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Sunday, 25 February, 2001, 12:40 GMT
Iraq 'could build N-bomb'
Weapons inspectors leave Baghdad
UN weapons inspectors left Iraq in 1998
Iraq could produce nuclear weapons within three years, according to a German intelligence assessment.

The report also says the Federal Intelligence Service (BND) has evidence that Baghdad is working to develop its short-range rockets.

Saddam Hussein
Germany believes Saddam Hussein is restoring Iraq's weapons capabilities
The BND also believes Iraq still possesses the capacity to resume the production of biological weapons at short notice.

Details of the information contained in the report was published in various German newspapers following a briefing to journalists by BND officials.

"It is clear that we have suspicions about Iraq," a BND official told Reuters news agency.

Ceasefire agreement

The intellegence agency believes that Iraq has resumed efforts to build chemical and biological weapons since UN inspectors left the country in 1998.

But it says that Baghdad currently possesses only 10-20% of the conventional weapons it had during the Gulf War.

Under the ceasefire agreement which ended the 1991 Gulf War, Iraq was obliged to end its chemical and biological weapons capacity.

The United Nations team appointed to monitor Baghdad's compliance with the agreement left Iraq in 1998 after the government ceased co-operation with the weapons inspectors.

The BND says it has evidence to suggest the following:

  • Iraq has resumed its nuclear programme and may be capable of producing an atomic bomb in three years. Work has been observed at the Al Qaim site, believed to be the centre of Baghdad's nuclear programme.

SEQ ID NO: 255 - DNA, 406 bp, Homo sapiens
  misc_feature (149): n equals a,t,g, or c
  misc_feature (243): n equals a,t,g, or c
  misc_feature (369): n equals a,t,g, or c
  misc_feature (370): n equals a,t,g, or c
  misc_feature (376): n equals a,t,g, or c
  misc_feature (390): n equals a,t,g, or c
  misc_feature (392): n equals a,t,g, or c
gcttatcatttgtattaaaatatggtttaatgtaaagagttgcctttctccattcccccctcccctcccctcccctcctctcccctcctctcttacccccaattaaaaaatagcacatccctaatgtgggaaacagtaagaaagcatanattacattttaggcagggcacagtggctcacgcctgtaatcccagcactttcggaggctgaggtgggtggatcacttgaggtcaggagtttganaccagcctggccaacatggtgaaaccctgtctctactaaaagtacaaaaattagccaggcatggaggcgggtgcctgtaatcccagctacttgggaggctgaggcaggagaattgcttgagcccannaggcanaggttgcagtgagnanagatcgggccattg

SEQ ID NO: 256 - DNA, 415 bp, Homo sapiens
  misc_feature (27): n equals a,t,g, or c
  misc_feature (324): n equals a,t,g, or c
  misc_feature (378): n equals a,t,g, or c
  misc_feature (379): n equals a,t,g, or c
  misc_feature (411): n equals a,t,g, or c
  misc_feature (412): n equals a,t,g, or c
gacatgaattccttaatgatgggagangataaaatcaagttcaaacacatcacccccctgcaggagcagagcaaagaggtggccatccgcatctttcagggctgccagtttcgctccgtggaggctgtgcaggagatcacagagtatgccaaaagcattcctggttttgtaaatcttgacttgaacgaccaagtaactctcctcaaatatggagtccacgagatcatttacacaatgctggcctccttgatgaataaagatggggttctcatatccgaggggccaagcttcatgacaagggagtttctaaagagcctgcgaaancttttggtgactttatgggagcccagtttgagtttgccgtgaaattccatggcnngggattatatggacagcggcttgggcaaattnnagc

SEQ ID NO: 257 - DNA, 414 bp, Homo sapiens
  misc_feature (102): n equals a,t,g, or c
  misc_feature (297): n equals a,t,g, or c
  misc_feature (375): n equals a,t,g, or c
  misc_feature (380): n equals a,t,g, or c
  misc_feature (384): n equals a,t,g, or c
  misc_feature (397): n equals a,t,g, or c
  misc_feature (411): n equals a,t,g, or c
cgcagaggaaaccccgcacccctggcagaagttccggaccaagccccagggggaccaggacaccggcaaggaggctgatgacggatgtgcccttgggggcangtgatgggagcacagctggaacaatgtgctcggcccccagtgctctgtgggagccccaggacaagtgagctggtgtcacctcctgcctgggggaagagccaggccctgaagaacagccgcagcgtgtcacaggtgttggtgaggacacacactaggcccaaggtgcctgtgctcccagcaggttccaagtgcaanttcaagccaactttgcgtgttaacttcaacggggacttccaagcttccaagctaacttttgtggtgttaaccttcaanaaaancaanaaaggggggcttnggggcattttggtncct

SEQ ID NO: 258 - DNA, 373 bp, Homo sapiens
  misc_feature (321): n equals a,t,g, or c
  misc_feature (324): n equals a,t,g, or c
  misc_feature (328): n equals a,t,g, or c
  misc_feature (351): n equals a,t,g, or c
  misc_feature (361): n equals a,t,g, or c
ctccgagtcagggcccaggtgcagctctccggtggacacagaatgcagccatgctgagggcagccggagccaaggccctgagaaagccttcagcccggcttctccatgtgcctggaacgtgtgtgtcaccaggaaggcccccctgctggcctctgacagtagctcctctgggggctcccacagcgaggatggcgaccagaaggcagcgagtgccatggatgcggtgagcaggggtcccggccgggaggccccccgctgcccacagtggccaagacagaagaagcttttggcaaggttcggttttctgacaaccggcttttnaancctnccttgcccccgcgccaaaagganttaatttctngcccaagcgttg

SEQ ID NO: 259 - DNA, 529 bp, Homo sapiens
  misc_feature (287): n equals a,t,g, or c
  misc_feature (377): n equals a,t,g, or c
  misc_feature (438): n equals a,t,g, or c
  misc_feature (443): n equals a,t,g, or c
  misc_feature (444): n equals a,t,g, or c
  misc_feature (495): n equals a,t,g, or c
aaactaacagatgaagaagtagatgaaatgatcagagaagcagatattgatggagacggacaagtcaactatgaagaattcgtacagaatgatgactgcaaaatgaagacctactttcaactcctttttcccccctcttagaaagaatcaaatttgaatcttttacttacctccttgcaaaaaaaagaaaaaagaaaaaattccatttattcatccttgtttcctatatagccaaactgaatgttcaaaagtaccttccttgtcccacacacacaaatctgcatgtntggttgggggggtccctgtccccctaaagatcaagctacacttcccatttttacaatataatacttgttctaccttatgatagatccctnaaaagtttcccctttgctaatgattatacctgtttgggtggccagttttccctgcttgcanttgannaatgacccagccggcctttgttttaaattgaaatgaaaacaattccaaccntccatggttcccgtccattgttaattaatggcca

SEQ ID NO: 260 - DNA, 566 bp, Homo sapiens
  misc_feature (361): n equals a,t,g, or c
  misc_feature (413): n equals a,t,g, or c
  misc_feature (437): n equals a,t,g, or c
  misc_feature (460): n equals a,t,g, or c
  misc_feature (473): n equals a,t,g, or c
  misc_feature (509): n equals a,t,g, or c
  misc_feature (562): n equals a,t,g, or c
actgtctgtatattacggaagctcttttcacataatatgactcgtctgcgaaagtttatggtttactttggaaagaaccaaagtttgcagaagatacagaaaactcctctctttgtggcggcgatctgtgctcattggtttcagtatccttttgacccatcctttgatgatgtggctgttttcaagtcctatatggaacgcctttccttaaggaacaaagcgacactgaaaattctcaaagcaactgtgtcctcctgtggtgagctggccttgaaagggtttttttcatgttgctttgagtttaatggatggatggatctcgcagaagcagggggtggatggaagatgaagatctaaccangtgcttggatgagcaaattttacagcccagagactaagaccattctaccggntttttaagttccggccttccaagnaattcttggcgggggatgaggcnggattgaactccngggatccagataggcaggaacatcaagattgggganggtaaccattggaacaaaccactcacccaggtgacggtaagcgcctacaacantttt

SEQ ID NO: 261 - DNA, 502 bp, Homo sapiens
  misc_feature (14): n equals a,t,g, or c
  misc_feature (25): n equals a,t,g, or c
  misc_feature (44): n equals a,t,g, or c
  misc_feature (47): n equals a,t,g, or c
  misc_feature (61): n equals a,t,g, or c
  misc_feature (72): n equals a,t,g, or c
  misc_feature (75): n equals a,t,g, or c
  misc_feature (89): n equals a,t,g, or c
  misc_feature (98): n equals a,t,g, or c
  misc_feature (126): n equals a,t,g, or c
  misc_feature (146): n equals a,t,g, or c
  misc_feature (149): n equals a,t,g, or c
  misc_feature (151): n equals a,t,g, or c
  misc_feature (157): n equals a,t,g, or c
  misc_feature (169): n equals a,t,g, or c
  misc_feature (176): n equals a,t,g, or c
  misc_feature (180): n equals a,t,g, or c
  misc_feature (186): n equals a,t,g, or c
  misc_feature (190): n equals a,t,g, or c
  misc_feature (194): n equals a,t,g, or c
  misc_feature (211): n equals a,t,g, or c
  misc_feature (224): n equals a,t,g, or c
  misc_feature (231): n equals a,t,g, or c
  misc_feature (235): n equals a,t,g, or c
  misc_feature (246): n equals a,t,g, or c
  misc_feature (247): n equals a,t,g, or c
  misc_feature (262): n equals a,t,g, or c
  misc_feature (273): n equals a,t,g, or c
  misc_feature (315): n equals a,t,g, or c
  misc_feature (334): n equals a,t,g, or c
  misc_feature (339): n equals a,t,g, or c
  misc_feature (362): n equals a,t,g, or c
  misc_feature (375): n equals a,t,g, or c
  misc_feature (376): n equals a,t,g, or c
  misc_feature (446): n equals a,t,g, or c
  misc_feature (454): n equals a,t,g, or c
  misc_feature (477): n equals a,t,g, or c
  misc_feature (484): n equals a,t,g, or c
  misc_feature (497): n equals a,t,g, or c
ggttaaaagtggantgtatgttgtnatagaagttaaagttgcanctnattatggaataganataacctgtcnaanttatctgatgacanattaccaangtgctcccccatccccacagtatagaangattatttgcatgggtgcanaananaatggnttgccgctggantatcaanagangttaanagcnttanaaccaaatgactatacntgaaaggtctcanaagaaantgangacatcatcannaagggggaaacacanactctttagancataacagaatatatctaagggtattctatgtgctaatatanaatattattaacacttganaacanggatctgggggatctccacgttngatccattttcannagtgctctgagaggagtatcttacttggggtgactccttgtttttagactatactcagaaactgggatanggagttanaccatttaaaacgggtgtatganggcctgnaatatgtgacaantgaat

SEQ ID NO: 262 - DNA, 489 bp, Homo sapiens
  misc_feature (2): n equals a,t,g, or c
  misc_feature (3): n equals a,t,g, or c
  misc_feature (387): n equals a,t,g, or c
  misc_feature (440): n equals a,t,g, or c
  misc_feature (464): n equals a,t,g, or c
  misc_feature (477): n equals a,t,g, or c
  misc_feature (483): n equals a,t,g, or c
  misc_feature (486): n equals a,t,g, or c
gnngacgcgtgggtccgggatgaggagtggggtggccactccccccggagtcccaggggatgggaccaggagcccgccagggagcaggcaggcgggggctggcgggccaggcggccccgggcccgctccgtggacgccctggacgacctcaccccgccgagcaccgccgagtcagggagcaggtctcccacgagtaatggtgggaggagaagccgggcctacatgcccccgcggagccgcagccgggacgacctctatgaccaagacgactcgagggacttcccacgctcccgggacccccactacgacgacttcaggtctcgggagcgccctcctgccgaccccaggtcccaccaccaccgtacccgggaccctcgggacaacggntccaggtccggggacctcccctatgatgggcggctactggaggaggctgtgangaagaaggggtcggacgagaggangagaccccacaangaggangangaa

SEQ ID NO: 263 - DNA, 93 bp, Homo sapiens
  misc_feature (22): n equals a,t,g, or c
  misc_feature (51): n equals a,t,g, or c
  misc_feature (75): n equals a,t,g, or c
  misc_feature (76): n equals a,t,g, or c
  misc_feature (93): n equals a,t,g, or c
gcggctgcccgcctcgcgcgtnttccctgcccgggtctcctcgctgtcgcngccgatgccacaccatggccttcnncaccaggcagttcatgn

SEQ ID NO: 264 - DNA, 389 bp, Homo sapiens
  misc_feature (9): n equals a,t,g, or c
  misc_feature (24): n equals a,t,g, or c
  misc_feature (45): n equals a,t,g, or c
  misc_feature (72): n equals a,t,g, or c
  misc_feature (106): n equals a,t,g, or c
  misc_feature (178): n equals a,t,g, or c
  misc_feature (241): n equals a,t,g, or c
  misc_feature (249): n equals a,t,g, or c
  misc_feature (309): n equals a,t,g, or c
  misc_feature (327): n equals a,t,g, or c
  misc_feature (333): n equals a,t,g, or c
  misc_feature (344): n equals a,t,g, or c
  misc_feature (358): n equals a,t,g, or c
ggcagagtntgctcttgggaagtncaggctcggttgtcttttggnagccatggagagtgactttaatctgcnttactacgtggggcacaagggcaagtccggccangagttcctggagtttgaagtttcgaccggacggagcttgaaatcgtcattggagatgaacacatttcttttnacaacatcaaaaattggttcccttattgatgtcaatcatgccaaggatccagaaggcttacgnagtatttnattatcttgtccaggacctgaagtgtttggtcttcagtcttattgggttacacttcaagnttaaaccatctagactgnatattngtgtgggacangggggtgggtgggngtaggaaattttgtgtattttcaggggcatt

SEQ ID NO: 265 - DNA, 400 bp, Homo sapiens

• Iraq is currently developing its Al Samoud and Ababil 100/Al Fatah short-range rockets, which can deliver a 300kg payload 150km (95 miles). Medium-range rockets capable of carrying a warhead 3,000km (1,900 miles) could be built by 2005 - far enough to reach Europe.
  • Iraq is also believed to be capable of manufacturing solid rocket fuel.
  • A Delhi-based company, blacklisted by the German Government because of its alleged role in weapons proliferation, has acted as a buyer on Iraq's behalf. Deliveries have been made via Malaysia and Dubai.
  • Since the UN inspectors left, the number of Iraqi sites involved in chemicals production has increased from 20 to 80. Of that total, the BND believes a quarter to be involved in making weapons.
  • Widespread procurement activity has been observed abroad and production of biological weapons could be resumed at short notice. It is possible that production may already have begun.

There has been no response to the report from Iraq.

But US Secretary of State Colin Powell referred to it during his tour of the Mid-east.

He told a news conference in Jerusalem that it underlined the need to contain Iraqi leader Saddam Hussein.

"We have to make sure he is denied the opportunity to continue moving in this direction," Mr Powell said.

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